35. Voluntary Manslaughter.

  36. bear says:

    guess or verdict Rick?

  37. Price says:

    Bear, VP says it is a verdict and even guilty on marijuana possession too.

  38. ktc2 says:

    That’s too bad. Sounds like a “compromise” verdict which should never happen.

  39. ktc2 says:

    So the system fails again . . .

  40. mikey says:

    Guilty of voluntary manslaughter (1 to 10 years ??)
    Not guilty of using a gun
    Guilty of Mary Jane possession (max 30 days)

  41. bear says:

    I see that…

    there’s really no question that he possessed some weed and that he slaughtered a man.

    As far as I’m concerned, this is a thorough rebuking of the prosecution, and a stern warning to police. The prosecution should take from this that they overreached and were put down hard by the jury. They are extremely lucky to have had the judge give the jury to convict on lesser charges. Here’s another example of how unjust our “justice system” is. A prosecutor can get up and say to a jury I will prove that this man committed capital murder, and is a hardened drug dealing thug. When they fail to do so they they just reset the goal posts after the game is played. Absurd.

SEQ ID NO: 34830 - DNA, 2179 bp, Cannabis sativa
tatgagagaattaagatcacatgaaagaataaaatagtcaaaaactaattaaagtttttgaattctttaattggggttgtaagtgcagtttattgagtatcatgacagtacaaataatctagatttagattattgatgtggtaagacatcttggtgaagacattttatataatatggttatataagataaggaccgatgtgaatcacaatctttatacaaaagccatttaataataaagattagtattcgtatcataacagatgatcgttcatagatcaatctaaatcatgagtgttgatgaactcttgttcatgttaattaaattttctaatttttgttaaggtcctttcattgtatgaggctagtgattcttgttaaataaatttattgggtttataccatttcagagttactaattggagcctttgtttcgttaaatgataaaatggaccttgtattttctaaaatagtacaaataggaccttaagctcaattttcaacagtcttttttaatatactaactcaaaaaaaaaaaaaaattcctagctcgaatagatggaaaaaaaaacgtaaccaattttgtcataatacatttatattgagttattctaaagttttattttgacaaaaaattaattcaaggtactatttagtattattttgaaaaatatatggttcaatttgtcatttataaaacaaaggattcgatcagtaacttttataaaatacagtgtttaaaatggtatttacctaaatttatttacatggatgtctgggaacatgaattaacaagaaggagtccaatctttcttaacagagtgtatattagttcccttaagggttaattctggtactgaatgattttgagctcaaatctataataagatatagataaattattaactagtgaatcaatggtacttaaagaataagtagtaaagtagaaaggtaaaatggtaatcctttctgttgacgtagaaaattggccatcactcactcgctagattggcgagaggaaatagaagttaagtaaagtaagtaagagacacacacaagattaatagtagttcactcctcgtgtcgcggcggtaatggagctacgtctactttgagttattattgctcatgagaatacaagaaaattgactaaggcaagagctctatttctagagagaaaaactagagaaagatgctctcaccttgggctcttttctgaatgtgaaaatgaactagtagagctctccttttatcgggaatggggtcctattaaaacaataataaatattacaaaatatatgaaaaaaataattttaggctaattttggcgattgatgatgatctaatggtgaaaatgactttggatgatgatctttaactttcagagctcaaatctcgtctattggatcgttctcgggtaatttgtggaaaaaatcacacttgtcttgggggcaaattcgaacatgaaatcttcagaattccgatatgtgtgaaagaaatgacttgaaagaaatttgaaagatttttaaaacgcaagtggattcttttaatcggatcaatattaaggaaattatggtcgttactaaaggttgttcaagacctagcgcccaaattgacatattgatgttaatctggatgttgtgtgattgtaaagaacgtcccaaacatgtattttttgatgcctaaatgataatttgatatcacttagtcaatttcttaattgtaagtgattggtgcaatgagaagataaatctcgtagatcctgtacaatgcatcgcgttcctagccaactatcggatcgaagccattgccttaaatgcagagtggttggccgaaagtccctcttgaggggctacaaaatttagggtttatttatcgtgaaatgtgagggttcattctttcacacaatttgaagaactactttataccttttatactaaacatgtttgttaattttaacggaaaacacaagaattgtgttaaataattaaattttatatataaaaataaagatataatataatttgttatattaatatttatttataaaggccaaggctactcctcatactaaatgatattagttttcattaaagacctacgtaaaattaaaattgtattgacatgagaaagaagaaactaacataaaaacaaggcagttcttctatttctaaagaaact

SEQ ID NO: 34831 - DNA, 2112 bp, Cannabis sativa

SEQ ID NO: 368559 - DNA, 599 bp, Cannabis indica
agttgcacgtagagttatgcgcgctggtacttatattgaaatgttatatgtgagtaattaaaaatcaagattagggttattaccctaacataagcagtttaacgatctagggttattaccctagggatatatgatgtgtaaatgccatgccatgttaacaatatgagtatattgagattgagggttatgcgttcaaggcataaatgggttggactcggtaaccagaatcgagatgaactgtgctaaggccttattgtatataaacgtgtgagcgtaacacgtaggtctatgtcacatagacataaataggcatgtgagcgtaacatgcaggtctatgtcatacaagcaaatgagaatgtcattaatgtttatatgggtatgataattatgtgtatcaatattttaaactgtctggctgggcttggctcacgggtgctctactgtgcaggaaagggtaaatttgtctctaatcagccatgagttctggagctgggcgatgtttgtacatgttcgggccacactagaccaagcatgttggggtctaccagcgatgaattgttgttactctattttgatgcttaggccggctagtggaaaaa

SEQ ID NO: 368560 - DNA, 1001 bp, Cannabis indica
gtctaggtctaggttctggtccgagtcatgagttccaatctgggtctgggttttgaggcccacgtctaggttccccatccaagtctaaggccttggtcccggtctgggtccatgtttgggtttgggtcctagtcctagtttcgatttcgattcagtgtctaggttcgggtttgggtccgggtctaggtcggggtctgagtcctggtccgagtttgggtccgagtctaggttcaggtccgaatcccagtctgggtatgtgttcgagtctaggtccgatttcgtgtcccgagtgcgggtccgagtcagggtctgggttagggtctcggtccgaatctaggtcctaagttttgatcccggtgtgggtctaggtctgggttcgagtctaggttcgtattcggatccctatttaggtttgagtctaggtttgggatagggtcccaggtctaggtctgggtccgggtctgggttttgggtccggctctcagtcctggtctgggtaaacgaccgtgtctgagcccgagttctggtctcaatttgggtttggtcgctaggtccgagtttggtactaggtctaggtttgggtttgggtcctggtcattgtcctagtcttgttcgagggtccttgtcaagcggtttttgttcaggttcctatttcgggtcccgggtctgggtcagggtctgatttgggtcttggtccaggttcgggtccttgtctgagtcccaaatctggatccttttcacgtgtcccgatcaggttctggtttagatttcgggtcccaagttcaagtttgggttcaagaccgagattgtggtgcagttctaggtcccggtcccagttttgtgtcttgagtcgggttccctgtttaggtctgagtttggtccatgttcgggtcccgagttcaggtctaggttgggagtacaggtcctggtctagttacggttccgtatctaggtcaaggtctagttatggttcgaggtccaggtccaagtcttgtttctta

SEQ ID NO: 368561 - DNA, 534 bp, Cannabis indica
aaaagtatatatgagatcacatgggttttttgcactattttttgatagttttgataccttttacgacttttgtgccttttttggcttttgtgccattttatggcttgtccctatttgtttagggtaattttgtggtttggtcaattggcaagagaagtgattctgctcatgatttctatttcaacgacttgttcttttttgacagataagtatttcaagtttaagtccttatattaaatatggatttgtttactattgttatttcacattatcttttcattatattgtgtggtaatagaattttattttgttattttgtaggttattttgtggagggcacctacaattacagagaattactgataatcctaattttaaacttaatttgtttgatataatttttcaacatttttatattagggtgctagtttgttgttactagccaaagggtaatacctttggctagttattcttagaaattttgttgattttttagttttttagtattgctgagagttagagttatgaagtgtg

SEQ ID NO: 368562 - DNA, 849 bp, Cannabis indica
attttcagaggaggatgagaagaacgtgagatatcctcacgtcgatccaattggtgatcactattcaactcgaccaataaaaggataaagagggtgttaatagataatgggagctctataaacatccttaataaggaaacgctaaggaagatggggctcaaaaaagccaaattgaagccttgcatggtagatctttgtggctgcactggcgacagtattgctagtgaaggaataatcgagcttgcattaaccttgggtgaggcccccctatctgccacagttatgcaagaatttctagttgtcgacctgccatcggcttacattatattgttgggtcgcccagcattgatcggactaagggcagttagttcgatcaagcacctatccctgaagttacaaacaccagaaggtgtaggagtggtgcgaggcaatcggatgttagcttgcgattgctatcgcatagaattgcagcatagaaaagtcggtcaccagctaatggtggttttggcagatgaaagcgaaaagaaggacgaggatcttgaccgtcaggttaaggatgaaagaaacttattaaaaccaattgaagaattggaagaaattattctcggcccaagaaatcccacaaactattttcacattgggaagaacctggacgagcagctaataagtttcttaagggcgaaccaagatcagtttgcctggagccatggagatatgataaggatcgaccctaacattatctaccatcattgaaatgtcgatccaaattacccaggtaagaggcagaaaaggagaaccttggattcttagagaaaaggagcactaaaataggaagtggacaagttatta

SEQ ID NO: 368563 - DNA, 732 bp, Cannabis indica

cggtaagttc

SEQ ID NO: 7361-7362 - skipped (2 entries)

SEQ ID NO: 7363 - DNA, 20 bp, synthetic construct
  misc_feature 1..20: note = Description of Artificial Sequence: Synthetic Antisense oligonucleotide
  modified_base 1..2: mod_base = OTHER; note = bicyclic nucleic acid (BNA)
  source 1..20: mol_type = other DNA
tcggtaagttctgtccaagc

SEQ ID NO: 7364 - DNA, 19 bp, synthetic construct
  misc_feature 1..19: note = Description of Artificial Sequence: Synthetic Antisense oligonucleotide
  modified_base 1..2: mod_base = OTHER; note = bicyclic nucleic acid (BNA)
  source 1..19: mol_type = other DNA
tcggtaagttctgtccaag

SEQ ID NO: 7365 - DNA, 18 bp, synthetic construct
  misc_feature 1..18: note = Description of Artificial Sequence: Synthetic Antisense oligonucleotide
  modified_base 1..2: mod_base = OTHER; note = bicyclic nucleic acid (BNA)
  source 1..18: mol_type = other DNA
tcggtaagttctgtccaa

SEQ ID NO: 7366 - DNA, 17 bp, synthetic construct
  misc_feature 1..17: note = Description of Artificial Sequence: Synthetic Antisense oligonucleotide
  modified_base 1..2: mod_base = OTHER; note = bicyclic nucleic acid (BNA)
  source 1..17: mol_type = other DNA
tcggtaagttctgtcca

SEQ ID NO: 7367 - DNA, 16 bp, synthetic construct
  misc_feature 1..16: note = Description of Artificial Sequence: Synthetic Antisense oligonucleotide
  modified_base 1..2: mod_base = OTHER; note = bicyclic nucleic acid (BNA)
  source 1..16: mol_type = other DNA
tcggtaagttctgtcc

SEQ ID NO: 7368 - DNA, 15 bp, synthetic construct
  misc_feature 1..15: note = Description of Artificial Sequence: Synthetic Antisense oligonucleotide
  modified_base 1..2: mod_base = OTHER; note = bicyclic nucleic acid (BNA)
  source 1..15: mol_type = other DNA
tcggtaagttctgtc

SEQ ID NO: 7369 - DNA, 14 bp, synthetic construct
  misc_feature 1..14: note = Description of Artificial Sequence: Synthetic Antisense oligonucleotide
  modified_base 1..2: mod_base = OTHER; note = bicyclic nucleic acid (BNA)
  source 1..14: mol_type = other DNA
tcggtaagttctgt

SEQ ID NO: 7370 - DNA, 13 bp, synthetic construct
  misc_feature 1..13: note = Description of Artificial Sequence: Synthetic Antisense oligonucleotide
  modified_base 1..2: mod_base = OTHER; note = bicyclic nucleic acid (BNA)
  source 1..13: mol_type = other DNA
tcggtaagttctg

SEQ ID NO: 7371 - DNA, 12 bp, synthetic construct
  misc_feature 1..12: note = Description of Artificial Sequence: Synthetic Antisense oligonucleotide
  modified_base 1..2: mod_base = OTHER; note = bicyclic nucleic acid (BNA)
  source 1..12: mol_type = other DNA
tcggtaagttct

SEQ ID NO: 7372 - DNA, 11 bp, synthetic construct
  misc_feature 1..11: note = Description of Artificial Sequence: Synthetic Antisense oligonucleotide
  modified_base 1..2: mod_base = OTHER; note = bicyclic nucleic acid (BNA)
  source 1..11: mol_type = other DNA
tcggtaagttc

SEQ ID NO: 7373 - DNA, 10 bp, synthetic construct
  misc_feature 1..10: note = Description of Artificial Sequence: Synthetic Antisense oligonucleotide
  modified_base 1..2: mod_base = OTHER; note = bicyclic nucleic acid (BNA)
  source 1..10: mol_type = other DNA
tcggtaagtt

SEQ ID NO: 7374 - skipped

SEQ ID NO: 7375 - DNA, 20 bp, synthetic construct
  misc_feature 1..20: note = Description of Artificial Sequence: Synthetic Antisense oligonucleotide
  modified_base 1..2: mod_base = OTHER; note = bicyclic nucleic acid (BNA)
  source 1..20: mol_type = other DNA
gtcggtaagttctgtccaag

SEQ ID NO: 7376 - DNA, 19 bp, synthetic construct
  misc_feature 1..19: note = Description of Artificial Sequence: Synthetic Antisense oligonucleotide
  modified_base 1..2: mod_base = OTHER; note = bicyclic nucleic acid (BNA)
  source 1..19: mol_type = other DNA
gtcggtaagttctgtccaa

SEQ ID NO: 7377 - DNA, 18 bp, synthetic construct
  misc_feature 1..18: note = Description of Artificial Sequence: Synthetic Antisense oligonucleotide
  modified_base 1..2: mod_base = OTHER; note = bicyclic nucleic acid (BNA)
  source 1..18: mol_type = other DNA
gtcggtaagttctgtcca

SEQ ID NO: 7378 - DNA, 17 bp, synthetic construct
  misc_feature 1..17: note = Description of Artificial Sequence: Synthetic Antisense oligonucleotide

And to LE…STOP BUSTING DOWN DOORS, and playing ninja, like a juiced up linebacker , exercising your monopoly power of violence on the words of scumbag liars, without checking things out for yourself. More of you will be slaughtered if you don’t!


  42. bear says:

    In closing I have a thought and a question:

    1(t). I am very encouraged by today’s verdict. The tide is turning Lady Justice…better get LE on board.

    2(q). Was RF, by virtue of his convictions, also aquitted of the other possible charges?


  43. Voluntary Manslaughter…

    I guess the Chesapeake Police Department – and in fact, police departments all over Tidewater – will accept the verdict of Voluntary Manslaughter against Ryan Frederick as an endorsement of the tactics they used at his home on 17 January.

  44. bear says: